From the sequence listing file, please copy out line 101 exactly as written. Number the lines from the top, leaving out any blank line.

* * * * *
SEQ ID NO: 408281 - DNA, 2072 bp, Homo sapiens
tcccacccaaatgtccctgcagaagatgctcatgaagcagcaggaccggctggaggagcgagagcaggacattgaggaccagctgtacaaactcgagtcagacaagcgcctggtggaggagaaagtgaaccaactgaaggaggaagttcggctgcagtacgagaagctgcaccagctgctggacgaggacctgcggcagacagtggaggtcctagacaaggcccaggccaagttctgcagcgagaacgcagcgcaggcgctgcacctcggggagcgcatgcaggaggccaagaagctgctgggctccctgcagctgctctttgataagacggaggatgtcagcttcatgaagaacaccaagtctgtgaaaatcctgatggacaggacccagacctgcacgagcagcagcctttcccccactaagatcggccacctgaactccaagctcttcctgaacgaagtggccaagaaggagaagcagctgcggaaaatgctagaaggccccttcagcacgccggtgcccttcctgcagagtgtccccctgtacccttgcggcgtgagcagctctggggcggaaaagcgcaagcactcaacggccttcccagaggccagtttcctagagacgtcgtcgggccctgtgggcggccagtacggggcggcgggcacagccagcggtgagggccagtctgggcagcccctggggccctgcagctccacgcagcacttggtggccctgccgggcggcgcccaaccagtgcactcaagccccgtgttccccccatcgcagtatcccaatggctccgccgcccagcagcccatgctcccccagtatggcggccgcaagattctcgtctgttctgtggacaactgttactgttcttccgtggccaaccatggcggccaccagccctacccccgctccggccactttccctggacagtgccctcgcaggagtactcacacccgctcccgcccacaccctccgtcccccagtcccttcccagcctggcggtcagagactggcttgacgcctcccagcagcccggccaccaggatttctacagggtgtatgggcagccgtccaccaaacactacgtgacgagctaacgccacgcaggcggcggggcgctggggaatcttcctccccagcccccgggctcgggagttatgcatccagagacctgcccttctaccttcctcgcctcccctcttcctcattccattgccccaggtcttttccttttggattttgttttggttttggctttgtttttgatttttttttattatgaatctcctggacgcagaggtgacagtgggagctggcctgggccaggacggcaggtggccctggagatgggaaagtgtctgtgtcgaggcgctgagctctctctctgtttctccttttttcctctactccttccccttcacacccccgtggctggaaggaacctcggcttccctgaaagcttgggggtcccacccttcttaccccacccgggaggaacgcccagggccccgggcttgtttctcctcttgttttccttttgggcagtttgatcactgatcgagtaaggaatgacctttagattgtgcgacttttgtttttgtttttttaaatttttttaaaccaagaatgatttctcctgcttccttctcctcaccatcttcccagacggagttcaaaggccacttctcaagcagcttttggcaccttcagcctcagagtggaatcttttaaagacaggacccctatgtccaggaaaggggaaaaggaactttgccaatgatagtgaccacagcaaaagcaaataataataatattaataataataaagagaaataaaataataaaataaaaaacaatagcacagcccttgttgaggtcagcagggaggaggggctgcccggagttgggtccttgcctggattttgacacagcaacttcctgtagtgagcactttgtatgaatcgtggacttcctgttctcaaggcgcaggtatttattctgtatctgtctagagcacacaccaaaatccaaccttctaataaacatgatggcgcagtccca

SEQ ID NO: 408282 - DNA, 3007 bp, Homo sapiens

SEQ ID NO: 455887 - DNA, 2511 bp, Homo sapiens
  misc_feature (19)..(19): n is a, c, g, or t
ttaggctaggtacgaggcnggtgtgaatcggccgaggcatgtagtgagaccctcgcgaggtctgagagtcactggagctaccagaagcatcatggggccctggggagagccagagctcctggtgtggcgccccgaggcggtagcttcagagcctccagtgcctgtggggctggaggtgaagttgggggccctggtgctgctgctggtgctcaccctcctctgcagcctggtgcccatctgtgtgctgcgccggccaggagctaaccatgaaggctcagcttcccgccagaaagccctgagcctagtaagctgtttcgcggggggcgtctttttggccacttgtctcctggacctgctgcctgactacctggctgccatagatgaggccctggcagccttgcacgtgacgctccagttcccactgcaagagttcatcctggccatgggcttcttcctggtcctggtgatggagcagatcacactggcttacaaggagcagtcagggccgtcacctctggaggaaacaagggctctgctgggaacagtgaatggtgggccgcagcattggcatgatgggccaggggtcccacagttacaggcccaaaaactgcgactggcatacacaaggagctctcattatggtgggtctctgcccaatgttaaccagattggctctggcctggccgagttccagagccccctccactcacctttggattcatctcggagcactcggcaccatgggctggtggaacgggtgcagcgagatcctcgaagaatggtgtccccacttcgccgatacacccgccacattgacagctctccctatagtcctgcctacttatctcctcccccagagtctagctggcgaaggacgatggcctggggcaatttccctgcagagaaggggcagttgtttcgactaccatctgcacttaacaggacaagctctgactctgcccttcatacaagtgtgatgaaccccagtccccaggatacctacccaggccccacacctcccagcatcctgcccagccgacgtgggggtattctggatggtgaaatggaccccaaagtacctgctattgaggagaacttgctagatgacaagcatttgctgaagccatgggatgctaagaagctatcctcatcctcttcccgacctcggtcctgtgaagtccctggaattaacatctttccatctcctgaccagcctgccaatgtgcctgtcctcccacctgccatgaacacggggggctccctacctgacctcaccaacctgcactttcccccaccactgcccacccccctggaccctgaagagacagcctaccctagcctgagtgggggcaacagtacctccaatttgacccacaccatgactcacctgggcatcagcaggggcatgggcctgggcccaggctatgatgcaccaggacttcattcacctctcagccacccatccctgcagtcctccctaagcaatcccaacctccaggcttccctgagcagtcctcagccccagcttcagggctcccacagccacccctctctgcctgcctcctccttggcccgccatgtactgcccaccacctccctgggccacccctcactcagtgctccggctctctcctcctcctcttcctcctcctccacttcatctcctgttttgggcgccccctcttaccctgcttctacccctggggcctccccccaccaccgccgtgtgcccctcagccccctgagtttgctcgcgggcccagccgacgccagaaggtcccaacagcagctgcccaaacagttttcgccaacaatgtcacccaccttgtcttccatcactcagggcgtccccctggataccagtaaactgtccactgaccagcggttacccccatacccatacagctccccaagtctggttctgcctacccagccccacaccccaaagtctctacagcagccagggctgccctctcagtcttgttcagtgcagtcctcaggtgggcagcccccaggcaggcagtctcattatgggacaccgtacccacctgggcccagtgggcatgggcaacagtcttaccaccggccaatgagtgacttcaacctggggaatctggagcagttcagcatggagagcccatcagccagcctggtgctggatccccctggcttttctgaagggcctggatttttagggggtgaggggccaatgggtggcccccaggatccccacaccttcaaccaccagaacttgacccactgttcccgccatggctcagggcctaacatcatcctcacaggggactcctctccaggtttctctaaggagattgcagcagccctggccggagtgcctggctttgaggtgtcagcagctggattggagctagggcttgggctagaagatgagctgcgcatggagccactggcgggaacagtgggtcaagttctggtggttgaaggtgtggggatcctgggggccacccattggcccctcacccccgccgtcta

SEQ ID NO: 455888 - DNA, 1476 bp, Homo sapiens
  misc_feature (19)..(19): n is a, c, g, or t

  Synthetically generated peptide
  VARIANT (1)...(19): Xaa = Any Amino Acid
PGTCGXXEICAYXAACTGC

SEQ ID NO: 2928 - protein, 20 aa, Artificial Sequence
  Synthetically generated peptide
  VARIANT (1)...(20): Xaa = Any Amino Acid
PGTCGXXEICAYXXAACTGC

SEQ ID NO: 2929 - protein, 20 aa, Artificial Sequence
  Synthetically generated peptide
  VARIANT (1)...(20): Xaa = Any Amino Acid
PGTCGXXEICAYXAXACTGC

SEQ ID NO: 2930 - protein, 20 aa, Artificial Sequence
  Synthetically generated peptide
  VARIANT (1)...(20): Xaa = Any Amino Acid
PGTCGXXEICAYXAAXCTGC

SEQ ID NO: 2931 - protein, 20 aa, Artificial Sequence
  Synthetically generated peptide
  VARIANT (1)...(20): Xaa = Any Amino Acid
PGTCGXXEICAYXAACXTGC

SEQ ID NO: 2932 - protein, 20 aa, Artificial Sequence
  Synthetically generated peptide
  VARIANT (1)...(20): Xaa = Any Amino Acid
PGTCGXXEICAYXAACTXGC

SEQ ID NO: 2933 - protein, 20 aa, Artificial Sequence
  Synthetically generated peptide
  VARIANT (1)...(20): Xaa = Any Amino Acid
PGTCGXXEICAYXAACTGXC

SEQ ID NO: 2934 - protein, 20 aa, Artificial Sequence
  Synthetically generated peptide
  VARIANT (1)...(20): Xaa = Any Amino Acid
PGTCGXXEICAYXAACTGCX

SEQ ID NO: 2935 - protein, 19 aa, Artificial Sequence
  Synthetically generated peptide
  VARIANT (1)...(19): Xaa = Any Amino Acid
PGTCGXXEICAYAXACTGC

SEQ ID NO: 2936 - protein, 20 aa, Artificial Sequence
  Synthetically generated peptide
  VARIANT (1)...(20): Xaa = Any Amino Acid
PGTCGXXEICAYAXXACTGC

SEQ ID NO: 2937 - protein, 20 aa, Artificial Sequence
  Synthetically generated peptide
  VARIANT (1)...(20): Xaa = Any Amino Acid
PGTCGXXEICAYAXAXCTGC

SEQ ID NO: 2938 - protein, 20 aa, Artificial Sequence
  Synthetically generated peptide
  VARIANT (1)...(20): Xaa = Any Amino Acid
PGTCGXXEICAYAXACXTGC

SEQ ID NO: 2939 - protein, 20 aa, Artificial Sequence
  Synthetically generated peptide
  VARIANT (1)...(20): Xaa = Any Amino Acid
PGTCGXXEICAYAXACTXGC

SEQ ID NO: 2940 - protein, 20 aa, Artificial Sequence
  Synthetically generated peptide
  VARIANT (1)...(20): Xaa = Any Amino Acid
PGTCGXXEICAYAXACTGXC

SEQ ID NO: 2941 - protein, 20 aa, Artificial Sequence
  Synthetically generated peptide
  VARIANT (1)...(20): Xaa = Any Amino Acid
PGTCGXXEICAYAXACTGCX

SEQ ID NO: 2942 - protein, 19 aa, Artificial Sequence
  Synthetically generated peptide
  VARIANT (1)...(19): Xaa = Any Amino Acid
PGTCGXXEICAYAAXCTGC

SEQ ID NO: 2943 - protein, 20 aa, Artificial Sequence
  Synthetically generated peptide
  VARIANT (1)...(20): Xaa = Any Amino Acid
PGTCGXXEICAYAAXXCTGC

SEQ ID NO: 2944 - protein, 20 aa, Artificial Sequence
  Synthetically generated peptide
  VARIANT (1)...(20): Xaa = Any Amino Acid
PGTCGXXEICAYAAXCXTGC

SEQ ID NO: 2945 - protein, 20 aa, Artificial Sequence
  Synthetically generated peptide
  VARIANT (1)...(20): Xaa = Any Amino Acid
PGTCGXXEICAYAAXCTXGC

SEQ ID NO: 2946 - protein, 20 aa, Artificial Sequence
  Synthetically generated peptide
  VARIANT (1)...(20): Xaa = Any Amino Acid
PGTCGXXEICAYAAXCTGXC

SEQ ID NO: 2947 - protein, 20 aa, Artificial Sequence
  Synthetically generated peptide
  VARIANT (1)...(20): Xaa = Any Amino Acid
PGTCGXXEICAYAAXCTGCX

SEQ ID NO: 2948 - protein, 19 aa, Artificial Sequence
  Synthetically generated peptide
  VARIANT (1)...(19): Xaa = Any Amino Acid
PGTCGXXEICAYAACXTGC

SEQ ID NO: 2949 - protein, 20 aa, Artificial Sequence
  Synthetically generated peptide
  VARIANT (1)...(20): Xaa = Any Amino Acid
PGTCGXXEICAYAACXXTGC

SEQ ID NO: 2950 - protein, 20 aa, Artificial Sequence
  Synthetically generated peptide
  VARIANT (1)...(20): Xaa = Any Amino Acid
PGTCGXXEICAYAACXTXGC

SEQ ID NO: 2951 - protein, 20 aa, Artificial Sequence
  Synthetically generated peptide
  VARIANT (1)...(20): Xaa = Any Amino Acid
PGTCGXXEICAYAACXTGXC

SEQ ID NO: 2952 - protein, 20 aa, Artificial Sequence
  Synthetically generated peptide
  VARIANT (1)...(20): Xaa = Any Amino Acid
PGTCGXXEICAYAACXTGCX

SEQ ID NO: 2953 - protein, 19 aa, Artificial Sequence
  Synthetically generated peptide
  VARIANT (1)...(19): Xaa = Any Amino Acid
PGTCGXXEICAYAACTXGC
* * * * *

  Synthetically generated peptide